Miracle Under the Mistletoe - Page 11

He briskly led her across the pavement to the café before she had a chance to reply, opening the café door with a flourish that set the brass bell jingling. Molly took a deep breath as she stepped inside, drinking in the scent of coffee and warm pastries. Her senses seemed to be ridiculously heightened all of a sudden so that the familiar aromas seemed richer and more enticing than ever. Even the colours of the checked tablecloths seemed brighter, the reds and blues and greens dazzling her eyes. It was as though she had stepped out of the gloom into full, glorious daylight and it was the strangest experience.

‘Oh, look. That couple’s leaving. Go and grab their table while I order our coffee.’

Sean gave her a little push towards the newly vacant table and Molly obediently headed in that direction. She sat down, automatically unwinding her scarf and removing her woolly hat. What was going on? Why did she feel this way, as though she had suddenly woken from a deep sleep?

‘Here we go. They’ll fetch our coffee over in a moment. I ordered you a latte. I hope that was OK. It used to be your favourite, if I remember correctly.’

Sean had reappeared with a tray heaped with warm croissants and miniature pots of jam and Molly jumped. She could feel her pulse popping as she watched him unload everything onto the table, croissants and jam, napkins and knives. He was quick and deft, his hands soon setting everything to rights, but that was his way. Whatever Sean did, he did it well. From work to something as mundane as setting a table, he gave it his all. That was why it had been such a pleasure to be with him. Everything appeared more interesting, more vibrant when Sean was around.

Even her.

Molly took a croissant off the plate and bit into it, savouring its buttery richness. It had been ages since anything had tasted so good, two years in fact. Two long years, during which time she had lived her life in the shadows. Now Sean was back, everything had changed. Now she felt completely and fully alive. And it simply proved just how desperately she needed to break his hold over her.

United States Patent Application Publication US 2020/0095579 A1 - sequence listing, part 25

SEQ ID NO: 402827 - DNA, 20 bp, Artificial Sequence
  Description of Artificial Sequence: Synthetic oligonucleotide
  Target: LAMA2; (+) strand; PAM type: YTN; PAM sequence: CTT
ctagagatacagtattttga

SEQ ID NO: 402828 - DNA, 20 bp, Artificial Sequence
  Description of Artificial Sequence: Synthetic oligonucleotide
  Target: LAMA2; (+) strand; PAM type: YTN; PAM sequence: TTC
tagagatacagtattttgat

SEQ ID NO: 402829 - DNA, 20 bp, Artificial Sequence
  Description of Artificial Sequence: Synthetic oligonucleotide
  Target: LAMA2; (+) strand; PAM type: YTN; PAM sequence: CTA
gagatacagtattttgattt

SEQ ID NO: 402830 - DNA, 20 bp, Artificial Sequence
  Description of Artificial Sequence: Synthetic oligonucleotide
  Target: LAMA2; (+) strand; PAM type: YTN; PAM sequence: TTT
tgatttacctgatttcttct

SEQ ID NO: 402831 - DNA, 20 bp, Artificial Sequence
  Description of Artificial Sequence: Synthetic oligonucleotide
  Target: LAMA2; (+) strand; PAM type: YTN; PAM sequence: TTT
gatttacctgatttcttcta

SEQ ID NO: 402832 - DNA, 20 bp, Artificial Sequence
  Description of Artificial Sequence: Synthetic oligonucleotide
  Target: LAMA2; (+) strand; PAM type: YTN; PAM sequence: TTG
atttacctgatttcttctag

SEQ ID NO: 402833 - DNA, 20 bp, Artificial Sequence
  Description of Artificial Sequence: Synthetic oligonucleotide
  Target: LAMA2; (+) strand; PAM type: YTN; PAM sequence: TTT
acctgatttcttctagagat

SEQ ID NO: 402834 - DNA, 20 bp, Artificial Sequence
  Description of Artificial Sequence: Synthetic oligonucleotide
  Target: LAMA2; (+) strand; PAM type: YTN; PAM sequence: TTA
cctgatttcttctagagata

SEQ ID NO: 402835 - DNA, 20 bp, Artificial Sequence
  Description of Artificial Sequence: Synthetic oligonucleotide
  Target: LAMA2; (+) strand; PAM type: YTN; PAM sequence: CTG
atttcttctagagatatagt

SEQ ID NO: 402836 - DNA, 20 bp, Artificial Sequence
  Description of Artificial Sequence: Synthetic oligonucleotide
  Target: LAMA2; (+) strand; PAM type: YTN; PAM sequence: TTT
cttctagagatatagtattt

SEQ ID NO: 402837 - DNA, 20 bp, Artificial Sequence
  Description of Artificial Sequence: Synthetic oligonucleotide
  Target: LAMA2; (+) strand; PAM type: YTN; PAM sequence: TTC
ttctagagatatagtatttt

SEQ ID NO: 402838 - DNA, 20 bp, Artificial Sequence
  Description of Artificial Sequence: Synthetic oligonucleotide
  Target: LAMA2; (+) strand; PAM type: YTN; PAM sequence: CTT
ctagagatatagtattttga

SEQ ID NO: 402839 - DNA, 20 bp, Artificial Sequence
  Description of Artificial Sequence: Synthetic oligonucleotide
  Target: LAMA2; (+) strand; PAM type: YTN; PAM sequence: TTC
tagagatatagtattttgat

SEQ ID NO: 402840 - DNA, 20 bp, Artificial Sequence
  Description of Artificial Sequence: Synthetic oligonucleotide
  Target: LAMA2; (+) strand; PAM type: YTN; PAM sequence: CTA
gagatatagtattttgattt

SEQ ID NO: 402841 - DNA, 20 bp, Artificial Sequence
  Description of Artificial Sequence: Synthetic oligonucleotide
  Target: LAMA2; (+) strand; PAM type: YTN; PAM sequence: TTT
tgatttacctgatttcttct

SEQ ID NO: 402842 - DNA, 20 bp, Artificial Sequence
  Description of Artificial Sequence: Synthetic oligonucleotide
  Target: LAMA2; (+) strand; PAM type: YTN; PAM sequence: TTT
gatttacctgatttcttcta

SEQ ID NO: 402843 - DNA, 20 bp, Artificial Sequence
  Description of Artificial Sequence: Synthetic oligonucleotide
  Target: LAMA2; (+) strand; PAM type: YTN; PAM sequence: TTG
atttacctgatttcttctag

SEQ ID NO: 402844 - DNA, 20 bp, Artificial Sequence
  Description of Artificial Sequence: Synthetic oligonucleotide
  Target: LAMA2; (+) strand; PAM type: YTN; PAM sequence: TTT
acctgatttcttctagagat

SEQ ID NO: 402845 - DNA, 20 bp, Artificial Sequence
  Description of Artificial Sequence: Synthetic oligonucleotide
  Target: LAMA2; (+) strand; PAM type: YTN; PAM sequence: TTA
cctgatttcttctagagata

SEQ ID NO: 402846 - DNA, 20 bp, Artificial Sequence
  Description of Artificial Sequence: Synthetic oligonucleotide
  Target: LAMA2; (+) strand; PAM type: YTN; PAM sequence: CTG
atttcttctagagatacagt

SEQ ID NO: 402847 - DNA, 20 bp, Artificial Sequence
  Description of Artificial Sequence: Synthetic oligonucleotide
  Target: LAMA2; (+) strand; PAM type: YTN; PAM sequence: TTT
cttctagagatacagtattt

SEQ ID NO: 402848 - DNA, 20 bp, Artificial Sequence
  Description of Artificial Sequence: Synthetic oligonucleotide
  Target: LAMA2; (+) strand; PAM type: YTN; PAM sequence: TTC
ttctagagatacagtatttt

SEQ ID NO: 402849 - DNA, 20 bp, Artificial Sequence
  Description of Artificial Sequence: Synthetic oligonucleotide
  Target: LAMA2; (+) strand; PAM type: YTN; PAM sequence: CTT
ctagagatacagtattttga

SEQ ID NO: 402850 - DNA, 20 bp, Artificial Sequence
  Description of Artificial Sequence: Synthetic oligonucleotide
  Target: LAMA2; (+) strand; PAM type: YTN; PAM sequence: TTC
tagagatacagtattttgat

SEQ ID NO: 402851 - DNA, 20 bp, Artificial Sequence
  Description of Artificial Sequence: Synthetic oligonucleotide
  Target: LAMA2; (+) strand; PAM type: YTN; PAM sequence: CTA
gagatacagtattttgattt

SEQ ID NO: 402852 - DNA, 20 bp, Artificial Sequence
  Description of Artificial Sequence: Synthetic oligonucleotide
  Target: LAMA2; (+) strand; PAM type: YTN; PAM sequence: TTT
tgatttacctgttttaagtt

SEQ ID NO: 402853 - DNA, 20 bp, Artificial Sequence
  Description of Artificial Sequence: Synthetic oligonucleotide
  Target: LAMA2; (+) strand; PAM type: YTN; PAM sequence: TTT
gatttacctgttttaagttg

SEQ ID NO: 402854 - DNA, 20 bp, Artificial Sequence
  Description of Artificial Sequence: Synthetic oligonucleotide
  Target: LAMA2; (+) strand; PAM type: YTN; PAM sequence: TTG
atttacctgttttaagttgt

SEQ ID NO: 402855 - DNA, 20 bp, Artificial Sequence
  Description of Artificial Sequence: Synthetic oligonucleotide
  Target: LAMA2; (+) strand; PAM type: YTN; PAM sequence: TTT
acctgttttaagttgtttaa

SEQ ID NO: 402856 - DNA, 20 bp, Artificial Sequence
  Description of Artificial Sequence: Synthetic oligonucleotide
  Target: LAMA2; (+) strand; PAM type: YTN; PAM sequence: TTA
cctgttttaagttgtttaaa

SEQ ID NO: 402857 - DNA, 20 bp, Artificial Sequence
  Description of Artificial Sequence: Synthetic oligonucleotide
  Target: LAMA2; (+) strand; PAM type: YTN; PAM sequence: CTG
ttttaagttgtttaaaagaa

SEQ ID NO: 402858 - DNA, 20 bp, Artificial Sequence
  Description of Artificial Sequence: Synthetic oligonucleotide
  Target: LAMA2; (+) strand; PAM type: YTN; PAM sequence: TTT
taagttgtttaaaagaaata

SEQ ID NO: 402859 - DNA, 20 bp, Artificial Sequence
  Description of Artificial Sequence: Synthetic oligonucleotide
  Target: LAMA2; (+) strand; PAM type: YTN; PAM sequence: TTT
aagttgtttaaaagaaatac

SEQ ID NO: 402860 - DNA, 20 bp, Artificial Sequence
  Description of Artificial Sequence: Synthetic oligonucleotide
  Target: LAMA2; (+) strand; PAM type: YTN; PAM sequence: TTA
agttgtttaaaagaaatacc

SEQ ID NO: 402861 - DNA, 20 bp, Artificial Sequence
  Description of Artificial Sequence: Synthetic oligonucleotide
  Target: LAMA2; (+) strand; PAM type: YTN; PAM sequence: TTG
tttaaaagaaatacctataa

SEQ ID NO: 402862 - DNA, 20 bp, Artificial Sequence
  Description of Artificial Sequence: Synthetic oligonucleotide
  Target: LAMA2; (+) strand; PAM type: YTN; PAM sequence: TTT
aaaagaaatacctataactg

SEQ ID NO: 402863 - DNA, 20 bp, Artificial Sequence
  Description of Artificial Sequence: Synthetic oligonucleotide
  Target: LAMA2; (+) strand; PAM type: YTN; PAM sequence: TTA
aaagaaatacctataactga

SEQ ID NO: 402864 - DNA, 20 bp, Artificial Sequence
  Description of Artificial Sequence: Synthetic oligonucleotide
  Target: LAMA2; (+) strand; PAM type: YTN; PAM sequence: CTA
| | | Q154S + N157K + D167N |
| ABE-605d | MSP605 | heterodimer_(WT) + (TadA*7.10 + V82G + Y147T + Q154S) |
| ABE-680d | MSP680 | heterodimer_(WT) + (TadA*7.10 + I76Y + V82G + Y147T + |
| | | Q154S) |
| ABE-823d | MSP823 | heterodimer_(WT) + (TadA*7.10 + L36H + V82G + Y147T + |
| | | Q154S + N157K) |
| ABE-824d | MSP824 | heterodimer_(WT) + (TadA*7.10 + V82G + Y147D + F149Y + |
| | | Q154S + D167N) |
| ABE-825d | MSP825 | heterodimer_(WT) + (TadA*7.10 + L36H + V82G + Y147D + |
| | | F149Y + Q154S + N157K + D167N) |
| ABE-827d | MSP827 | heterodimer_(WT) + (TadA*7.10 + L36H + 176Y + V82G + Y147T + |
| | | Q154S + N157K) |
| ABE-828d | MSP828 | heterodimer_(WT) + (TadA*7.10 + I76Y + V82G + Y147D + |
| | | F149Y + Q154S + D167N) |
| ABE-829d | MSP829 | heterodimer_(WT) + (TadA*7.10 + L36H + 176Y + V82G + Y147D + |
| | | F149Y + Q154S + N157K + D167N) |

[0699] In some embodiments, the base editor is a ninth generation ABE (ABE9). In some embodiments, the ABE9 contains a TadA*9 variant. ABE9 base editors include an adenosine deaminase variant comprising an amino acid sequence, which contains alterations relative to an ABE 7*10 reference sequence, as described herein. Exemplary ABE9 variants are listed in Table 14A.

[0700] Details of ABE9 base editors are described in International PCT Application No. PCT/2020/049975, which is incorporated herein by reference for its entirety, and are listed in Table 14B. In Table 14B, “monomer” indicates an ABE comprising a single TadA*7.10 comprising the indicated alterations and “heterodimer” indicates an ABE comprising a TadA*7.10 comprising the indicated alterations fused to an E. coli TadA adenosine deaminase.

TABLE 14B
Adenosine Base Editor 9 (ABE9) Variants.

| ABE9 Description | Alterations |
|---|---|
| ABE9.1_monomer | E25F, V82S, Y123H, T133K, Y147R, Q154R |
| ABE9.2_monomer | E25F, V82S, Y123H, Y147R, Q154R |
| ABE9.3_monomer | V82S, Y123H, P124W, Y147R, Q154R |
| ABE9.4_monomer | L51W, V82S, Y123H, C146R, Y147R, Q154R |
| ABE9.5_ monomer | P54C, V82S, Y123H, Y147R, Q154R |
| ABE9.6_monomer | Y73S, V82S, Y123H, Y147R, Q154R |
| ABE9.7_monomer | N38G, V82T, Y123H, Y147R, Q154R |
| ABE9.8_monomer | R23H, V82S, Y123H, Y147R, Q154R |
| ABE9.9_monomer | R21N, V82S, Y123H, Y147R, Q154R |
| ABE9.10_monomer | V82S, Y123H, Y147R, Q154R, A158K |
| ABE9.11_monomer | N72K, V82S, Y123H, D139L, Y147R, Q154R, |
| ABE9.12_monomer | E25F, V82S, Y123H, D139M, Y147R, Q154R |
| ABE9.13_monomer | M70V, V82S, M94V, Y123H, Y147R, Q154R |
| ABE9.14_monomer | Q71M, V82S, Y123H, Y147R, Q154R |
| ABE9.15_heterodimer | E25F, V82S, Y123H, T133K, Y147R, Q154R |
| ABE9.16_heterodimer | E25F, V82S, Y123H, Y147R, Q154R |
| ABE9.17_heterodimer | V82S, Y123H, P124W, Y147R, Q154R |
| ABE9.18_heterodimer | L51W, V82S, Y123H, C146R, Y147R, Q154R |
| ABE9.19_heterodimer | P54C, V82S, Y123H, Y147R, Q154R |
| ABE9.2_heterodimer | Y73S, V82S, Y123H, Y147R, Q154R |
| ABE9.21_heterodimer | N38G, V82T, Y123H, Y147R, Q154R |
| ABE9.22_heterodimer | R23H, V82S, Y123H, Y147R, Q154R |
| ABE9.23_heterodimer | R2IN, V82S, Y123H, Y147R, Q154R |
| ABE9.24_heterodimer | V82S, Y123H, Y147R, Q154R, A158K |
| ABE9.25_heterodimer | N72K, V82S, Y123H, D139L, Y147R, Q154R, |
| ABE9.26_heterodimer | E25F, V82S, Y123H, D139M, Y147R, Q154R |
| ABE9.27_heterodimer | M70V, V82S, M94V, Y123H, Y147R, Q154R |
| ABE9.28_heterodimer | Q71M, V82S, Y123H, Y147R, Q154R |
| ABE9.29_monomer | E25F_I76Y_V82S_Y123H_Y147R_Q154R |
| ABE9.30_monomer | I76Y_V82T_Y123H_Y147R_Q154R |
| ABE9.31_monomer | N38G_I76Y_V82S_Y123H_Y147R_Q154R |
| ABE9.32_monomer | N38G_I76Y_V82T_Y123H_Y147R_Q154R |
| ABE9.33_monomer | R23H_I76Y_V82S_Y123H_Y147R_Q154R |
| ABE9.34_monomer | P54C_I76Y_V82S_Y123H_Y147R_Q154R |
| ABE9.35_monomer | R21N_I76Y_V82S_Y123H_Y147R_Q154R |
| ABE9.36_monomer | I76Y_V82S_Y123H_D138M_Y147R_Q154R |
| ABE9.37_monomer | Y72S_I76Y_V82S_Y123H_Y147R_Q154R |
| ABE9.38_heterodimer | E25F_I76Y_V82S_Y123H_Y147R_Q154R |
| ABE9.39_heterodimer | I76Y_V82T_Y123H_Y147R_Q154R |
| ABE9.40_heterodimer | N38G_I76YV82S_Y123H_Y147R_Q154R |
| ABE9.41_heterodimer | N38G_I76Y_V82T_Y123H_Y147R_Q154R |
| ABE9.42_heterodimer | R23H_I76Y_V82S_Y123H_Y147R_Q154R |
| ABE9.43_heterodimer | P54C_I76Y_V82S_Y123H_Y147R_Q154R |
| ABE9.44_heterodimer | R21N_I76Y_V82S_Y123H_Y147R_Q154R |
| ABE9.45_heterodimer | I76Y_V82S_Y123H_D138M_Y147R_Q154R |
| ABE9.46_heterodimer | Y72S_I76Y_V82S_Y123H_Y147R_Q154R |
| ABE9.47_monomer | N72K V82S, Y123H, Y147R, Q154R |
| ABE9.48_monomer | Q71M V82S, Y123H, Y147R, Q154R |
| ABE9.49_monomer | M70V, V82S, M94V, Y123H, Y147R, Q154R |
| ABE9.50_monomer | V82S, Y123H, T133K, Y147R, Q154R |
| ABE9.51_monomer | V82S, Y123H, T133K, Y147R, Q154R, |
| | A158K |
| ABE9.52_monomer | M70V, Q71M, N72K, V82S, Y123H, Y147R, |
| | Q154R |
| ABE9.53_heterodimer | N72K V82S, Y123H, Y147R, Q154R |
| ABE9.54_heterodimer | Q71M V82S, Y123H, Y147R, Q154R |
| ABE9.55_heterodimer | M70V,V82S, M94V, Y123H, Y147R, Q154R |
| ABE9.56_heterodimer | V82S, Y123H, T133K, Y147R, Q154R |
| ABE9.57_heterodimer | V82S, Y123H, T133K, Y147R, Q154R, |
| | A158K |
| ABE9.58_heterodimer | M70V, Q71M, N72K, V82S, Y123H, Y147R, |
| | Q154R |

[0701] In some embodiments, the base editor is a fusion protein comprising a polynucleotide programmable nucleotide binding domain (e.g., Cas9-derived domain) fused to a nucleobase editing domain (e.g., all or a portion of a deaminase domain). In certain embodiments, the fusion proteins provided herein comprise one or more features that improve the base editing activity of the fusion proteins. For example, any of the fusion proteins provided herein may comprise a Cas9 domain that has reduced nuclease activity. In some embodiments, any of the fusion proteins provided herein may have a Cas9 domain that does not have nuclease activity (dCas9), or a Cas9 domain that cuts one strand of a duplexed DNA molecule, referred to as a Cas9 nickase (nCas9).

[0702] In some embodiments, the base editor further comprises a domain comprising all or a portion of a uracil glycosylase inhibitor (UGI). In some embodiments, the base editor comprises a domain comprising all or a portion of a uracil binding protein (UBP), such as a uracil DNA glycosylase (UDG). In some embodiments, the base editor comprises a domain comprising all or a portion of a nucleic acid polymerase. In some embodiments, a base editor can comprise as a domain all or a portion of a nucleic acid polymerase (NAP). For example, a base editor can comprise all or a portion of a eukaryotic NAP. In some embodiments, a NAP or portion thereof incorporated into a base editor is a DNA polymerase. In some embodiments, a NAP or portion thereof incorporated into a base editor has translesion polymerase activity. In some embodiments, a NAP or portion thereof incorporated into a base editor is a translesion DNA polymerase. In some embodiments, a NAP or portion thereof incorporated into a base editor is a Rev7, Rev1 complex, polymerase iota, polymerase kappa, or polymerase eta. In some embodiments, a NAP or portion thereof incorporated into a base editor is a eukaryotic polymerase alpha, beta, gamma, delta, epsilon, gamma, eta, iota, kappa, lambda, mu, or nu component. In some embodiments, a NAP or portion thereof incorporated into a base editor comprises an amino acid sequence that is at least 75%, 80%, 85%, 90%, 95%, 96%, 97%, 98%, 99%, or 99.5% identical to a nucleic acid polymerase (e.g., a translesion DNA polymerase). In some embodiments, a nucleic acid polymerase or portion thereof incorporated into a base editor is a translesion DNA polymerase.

* * *

‘Thanks.’

Sean smiled as the waitress placed their coffees on the table. He saw the interest in the girl’s eyes as she smiled back at him but he ignored it. At any other time he might have been tempted to follow up on it and ask her out on a date. It was something he had done more times than he could count over the years, but he wasn’t even tempted. Not when he was with Molly. He simply wasn’t interested in other women when he was with her. He never had been.

It was a sobering thought, doubly so when it was the first time he had admitted it. When he and Molly had been seeing one another, he hadn’t looked at another woman. She had filled his thoughts to the exclusion of anyone else. Was that why he had ended their affair so abruptly? he wondered. Because he had realised on some inner level that he was getting far too involved with her? At the time he had told himself that he was doing it for her sake, that he was taking steps to protect her, but had his decision been less altruistic than he had thought? Had he been trying to protect himself as much as her?

It was an unsettling thought and one that Sean knew he was going to have to think about. He couldn’t just brush it under the carpet as he normally would do—that wouldn’t work. He needed to examine his feelings, face up to how he had felt two years ago, and take whatever action was necessary to ensure it didn’t happen again. The problem was that he had put Molly on a bit of a pedestal, painted her in his mind as the ideal woman, and it was time he stopped doing that. Maybe Molly’s plan wasn’t so way off-beam as he had thought. If they resumed their affair, it could help him put things into perspective.

It was something else that Sean knew he needed to think about, but not right now. He helped himself to a croissant, murmuring appreciatively as he bit into it. ‘This is delicious! No wonder the place is packed, although I don’t remember the food being this good when I ate here before.’

‘The café changed hands last year and, apparently, the new owner is French and only uses French milled flour for his croissants and pastries,’ Molly informed him, wiping her buttery fingers on a paper napkin.

‘Really? Well, good for him. It’s obviously paying dividends.’

Sean grinned at her, thinking how pretty she looked that day. She was wearing a pale pink sweater and jeans and she looked so young and so fresh as she sat there, enjoying her breakfast, that it was little wonder that he had always loved being with her. And it was that thought which helped to unleash all sorts of memories he had thought he had buried.

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